3. The reason for death of syno−/− mice in utero

To gain insight into the function of synoviolin in vivo, we generated synoviolin-deficient (syno−/−) mice by gene-targeted disruption. Strikingly, all fetuses lacking synoviolin died in utero by embryonic day 13.5 (E13.5) [16]. It is surprising that loss of synoviolin only can cause embryonic lethality, since Hrd1p/Del3p, a yeast homolog of synoviolin, is nonessential for survival [8]. Then, why is synoviolin deficiency associated with embryonic death? Morphologically, there was no remarkable difference between E13.5 wild-type and syno−/− embryos; however, the syno−/− fetal liver looked pale, suggesting an abnormal hematological status in syno−/− embryos, since the liver becomes the main hematopoietic organ by E12.5 [1720]. Indeed, the number of peripheral blood cells was decreased in syno−/− embryos, and the level of β-major globin, which first appears in the fetal liver during definitive erythropoiesis, was markedly reduced in syno−/− embryos [16]. Subsequently, we examined erythropoiesis in syno−/− in vitro by colony-forming assay. Unexpectedly, we found that erythrocyte progenitors of syno−/− could differentiate in vitro to produce hemoglobin. Definitive erythropoiesis in embryos is controlled by cell autonomous and non-cell autonomous mechanisms. Therefore, it is expected that the abnormal cell morphology in syno−/− erythroid is secondary to changes in the local environment, that is, liver. Consequently, we analyzed the syno−/− fetal liver and found reduced number of hepatocytes and their augmented apoptotic cell death in syno−/− embryos compared to wild-type embryos [16]. Considered together, the above results indicate that the death in utero of syno−/− around E13.5 is caused by abnormal erythropoiesis in a non-cell autonomous manner, which depends on aberrant apoptosis in the liver.


4. Symmetric features of synoviolin in RA and embryogenesis

At a glance, embryogenesis and RA are non-related events. However, when considered through synoviolin, commonness becomes apparent. What is the common feature between these two processes? One answer could be the nurse-like cells. Nurse cells were first recognized in a cell suspension from the thymus [21, 22]. Wekere and Ketelsen concluded that thymic nurse cells played an important role in the differentiation of thymocytes [2325]. They referred to this phenomenon as pseudoemperipolesis. Pseudoemperipolesis has been observed also in the interaction between murine lymphocytes and murine bone marrow (BM) stromal cells [2325]. Iwagami et al. [26] and Shimaoka et al. [27] reported cloning of nurse cells from synovial tissue of patients with RA. Moreover, BM stromal cells migrated from the BM into the affected joint cavity and contribute to synovial proliferation [28]. Clinically, BM stromal cells derived from donors show very little pseudoemperipoletic activity, and thus, nurse cell activity is considered a unique feature of BM stromal cells derived from RA [29]. That is, RA is a disease with accelerated nurse cell activity of BM stromal cells. In other words, increased nursing cell activity would enhance the cooperation between surrounding cells, BM stromal cells, and synovial cells.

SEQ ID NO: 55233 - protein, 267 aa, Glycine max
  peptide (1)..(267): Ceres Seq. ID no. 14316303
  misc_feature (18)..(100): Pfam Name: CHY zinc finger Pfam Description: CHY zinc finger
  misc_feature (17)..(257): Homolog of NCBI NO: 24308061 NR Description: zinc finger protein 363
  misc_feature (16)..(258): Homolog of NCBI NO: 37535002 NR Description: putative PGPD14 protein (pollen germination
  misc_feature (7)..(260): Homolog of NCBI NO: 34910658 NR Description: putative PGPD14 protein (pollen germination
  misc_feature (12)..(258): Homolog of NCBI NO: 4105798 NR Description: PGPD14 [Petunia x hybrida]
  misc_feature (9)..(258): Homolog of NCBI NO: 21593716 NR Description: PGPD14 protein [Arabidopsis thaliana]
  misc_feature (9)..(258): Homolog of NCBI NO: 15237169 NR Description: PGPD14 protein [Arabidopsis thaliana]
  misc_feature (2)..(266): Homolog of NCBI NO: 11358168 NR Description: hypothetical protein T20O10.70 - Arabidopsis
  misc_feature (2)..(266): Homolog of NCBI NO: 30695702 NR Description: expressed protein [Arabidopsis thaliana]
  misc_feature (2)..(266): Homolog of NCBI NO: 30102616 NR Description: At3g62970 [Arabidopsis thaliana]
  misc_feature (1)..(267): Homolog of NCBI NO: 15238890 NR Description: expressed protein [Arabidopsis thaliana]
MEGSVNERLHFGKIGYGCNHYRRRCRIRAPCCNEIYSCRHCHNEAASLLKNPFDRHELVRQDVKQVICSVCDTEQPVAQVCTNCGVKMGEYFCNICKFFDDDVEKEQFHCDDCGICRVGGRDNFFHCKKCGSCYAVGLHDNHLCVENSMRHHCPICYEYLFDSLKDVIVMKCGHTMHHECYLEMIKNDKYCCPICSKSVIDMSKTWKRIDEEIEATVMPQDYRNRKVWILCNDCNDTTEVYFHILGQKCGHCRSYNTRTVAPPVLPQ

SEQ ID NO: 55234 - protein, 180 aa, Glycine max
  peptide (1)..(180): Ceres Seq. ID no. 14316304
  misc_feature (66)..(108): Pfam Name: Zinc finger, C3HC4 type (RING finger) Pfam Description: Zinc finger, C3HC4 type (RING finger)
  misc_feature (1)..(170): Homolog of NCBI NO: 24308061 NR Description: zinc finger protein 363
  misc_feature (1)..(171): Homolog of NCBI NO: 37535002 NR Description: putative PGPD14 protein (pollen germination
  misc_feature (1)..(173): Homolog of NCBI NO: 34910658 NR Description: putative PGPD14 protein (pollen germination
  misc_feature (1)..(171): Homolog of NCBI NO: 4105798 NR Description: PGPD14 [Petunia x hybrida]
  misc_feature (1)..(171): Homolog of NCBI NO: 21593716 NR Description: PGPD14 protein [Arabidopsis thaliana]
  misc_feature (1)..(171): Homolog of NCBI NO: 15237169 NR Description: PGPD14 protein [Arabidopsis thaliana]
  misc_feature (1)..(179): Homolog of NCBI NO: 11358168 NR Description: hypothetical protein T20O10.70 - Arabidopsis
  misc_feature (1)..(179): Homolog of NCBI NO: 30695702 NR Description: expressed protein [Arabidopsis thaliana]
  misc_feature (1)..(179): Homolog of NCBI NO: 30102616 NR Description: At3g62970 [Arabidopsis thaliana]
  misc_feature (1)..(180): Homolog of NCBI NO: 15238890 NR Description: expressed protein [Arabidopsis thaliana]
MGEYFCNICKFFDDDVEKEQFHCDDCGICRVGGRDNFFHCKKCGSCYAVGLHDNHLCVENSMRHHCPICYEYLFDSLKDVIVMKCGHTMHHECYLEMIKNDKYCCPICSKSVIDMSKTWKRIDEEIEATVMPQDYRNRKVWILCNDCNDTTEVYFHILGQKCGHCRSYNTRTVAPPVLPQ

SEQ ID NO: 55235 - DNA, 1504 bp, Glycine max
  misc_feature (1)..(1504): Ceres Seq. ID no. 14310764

When one compares RA with syno−/−, these processes are symmetrical. In syno−/− fetal liver, there is a complete loss of nurse activity to erythrocytes. The excessive amount of synoviolin in RA and the lack of synoviolin in syno−/− are quite a symmetrical feature. These observations suggest the possible involvement of synoviolin in promoting the nursing activity in RA, a topic for future research. A more thorough analysis of syno−/− indicates that RA and embryogenesis are closely related processes (Figure 2).

Figure 2.

RA and embryogenesis have shared features. RA is a disease with accelerated nursing activity of bone marrow stromal cells. On the other hand, syno−/− fetal liver shows loss of nursing cell activity of erythrocytes. In this regard, RA and syno−/− demonstrate a symmetrical feature. The study of syno−/− has allowed the elucidation of new etiological factors of RA.


5. Impact of synoviolin on RA and embryogenesis